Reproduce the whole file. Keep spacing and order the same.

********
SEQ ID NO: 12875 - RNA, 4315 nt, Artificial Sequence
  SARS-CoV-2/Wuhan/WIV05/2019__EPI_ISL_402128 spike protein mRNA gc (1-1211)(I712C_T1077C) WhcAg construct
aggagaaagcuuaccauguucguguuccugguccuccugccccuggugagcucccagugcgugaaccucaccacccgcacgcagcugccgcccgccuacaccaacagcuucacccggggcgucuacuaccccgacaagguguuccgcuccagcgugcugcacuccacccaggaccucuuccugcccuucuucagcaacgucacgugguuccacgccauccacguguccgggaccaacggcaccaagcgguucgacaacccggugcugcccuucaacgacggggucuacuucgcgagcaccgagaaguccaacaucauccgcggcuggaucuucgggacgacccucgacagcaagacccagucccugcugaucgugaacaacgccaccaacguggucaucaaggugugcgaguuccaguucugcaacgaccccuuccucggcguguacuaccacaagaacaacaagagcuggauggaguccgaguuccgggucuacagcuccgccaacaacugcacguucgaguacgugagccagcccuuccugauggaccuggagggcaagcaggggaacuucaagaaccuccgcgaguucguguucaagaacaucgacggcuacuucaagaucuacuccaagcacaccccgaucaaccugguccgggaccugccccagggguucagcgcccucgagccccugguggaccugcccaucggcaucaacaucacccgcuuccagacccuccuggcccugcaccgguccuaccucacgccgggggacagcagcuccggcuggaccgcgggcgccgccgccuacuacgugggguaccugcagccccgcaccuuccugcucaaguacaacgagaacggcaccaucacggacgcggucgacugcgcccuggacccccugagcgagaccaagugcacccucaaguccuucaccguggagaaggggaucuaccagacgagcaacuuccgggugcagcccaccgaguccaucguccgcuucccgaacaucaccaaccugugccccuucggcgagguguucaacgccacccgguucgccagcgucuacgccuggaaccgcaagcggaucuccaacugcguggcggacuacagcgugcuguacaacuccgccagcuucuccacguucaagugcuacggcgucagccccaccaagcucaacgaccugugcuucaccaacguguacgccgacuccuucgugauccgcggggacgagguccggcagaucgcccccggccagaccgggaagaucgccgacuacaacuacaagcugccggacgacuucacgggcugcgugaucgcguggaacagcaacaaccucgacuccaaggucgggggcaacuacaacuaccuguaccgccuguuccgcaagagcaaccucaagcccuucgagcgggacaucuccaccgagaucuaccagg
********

SEQ ID NO: 12875 - RNA, 4315 nt, Artificial Sequence
  SARS-CoV-2/Wuhan/WIV05/2019__EPI_ISL_402128 spike protein mRNA gc (1-1211)(I712C_T1077C) WhcAg construct
aggagaaagcuuaccauguucguguuccugguccuccugccccuggugagcucccagugcgugaaccucaccacccgcacgcagcugccgcccgccuacaccaacagcuucacccggggcgucuacuaccccgacaagguguuccgcuccagcgugcugcacuccacccaggaccucuuccugcccuucuucagcaacgucacgugguuccacgccauccacguguccgggaccaacggcaccaagcgguucgacaacccggugcugcccuucaacgacggggucuacuucgcgagcaccgagaaguccaacaucauccgcggcuggaucuucgggacgacccucgacagcaagacccagucccugcugaucgugaacaacgccaccaacguggucaucaaggugugcgaguuccaguucugcaacgaccccuuccucggcguguacuaccacaagaacaacaagagcuggauggaguccgaguuccgggucuacagcuccgccaacaacugcacguucgaguacgugagccagcccuuccugauggaccuggagggcaagcaggggaacuucaagaaccuccgcgaguucguguucaagaacaucgacggcuacuucaagaucuacuccaagcacaccccgaucaaccugguccgggaccugccccagggguucagcgcccucgagccccugguggaccugcccaucggcaucaacaucacccgcuuccagacccuccuggcccugcaccgguccuaccucacgccgggggacagcagcuccggcuggaccgcgggcgccgccgccuacuacgugggguaccugcagccccgcaccuuccugcucaaguacaacgagaacggcaccaucacggacgcggucgacugcgcccuggacccccugagcgagaccaagugcacccucaaguccuucaccguggagaaggggaucuaccagacgagcaacuuccgggugcagcccaccgaguccaucguccgcuucccgaacaucaccaaccugugccccuucggcgagguguucaacgccacccgguucgccagcgucuacgccuggaaccgcaagcggaucuccaacugcguggcggacuacagcgugcuguacaacuccgccagcuucuccacguucaagugcuacggcgucagccccaccaagcucaacgaccugugcuucaccaacguguacgccgacuccuucgugauccgcggggacgagguccggcagaucgcccccggccagaccgggaagaucgccgacuacaacuacaagcugccggacgacuucacgggcugcgugaucgcguggaacagcaacaaccucgacuccaaggucgggggcaacuacaacuaccuguaccgccuguuccgcaagagcaaccucaagcccuucgagcgggacaucuccaccgagaucuaccagg